Half leather bindings covered in calfskin of a tan or other shade of brown, with narrow spines and small corners, marbled paper sides. smooth cut edges which were sometimes stained pale yellow or sprinkled red, and plain endpapers, were common in England in the latter half of the 18th century. The corners of these volumes were occasionally vellum instead of leather.
Stationers also issued cheap half leather bindings, often sheepskin, which were not trimmed and had no headbands, no squares, and were not lettered. Half vellum bindings, which were comparatively rare, were produced throughout the 19th century. See also: QUARTER LEATHER ;THREE-QUARTER LEATHER .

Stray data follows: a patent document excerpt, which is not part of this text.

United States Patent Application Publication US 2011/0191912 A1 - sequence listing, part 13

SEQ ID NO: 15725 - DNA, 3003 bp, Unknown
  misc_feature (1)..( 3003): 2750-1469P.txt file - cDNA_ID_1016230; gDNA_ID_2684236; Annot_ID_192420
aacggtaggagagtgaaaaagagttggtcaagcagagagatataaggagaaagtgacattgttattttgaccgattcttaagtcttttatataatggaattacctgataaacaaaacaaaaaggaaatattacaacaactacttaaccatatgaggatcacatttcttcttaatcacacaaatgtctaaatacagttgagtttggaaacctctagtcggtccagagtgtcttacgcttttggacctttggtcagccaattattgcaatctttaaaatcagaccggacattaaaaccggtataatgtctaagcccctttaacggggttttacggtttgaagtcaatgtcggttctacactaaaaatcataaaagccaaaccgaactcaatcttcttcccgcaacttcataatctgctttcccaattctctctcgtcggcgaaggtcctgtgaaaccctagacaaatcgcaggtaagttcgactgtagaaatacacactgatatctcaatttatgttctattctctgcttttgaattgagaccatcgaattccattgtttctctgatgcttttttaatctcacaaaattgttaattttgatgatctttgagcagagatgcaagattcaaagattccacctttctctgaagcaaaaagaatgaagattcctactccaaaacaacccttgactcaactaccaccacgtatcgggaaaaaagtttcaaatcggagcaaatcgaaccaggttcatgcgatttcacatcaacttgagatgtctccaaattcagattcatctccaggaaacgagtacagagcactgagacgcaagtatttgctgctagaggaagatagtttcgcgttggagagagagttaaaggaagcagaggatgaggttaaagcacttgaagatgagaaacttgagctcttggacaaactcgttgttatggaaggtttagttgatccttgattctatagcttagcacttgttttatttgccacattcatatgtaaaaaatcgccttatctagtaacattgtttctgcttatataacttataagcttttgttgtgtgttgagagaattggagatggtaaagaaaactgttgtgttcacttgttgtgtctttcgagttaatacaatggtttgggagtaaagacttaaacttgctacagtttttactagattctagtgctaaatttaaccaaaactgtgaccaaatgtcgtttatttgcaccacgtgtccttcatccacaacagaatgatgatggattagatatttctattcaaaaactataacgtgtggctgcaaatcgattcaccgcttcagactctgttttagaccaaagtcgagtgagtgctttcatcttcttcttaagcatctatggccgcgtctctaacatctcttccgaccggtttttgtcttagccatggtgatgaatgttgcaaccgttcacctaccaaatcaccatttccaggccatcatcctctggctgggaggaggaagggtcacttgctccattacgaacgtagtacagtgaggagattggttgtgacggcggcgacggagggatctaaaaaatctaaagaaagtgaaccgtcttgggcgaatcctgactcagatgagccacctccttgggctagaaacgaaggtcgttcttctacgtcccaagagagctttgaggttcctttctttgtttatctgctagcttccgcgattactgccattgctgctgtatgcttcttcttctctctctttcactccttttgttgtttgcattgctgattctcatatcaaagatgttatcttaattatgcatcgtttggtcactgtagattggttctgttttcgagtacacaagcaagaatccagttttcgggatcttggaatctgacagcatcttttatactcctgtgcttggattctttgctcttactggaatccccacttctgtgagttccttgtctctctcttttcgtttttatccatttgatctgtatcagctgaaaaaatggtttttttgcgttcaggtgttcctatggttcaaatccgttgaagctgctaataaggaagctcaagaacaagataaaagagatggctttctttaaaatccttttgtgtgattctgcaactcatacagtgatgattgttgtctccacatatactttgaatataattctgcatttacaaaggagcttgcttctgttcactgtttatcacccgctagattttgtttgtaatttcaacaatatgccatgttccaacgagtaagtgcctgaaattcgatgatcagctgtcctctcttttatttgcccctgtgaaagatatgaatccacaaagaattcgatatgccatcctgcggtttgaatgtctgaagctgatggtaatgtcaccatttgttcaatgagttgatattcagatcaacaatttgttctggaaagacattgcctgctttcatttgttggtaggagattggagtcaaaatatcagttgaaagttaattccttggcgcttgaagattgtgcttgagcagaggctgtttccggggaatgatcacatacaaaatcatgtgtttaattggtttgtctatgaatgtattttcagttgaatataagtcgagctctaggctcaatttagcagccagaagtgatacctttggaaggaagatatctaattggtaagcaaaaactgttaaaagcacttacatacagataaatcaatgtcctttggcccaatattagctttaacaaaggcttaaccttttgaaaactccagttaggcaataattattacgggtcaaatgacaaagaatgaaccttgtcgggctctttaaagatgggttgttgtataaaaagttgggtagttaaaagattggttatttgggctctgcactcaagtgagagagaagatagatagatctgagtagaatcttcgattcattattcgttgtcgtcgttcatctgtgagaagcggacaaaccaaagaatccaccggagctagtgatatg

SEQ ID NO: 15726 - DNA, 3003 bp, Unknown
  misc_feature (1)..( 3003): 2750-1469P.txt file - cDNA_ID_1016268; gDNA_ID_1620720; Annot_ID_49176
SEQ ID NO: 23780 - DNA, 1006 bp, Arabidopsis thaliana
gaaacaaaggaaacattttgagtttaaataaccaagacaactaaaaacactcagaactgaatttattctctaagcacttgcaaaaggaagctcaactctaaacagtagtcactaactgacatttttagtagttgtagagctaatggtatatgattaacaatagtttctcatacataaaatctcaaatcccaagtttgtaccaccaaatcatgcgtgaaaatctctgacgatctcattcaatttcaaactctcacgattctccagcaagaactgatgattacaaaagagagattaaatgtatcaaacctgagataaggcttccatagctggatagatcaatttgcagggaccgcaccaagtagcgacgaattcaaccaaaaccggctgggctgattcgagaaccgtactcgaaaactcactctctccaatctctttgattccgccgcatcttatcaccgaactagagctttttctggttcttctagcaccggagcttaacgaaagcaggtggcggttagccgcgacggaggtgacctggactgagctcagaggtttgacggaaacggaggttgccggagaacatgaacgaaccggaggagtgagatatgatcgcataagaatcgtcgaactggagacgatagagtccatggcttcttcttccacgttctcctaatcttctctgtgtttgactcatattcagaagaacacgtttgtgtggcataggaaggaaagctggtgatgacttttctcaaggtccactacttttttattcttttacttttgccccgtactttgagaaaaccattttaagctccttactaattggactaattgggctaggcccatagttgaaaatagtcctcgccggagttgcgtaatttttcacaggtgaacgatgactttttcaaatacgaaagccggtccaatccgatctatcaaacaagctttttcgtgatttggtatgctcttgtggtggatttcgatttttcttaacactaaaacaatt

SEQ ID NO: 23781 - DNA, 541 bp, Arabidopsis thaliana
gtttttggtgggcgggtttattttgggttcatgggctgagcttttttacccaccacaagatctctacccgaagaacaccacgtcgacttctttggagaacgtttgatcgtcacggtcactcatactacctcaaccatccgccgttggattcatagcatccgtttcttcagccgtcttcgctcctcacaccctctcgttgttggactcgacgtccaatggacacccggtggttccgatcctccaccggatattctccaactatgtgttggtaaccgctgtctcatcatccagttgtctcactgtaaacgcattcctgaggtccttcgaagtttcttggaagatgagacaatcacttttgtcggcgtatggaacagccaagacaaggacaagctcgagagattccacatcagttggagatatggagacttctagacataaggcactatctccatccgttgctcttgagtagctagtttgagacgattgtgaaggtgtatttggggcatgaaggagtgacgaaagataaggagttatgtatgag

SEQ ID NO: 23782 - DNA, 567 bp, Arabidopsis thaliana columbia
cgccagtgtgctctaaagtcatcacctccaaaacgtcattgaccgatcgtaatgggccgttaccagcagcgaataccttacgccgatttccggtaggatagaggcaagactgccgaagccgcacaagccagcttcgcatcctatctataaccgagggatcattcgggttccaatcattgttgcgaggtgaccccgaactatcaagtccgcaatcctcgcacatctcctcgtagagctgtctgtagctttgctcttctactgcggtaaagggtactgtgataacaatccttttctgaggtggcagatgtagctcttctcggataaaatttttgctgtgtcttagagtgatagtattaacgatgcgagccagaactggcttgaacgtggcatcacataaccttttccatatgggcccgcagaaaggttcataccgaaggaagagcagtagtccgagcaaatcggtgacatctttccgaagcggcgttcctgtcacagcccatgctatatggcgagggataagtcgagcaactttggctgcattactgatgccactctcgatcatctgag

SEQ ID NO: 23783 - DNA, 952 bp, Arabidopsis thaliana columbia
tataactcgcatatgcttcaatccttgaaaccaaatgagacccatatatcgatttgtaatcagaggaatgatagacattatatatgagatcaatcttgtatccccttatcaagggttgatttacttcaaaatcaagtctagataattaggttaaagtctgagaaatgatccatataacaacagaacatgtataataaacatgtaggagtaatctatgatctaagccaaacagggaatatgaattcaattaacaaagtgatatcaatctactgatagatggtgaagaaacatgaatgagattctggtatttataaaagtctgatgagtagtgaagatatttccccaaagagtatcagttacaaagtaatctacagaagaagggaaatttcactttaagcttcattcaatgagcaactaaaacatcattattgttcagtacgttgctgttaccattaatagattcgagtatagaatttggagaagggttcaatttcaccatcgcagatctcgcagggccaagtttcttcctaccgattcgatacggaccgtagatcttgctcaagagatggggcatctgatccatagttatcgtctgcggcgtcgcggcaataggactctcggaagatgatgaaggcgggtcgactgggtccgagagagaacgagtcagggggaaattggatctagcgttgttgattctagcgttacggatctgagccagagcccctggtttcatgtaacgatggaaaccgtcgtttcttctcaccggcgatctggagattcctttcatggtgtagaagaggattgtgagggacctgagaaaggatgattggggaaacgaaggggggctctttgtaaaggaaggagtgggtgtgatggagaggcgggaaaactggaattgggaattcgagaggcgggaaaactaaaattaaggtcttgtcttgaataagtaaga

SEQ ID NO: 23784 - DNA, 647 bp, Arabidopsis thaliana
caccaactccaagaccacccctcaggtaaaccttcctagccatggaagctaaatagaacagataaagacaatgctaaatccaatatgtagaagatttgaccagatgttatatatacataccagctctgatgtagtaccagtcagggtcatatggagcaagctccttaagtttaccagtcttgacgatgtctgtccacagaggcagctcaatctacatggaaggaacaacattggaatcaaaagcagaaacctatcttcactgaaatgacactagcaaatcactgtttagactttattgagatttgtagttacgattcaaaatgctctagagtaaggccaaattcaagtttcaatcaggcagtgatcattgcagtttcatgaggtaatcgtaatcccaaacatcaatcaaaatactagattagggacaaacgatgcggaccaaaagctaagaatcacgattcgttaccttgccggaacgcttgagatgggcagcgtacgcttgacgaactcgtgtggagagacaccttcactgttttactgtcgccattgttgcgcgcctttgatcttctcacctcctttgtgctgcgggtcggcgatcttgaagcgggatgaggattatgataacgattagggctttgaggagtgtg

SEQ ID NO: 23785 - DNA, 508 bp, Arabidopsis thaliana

Timestamp: Saturday, 19-Nov-2011 13:18:42 PST
Retrieved: Friday, 15-Nov-2019 17:58:52 GMT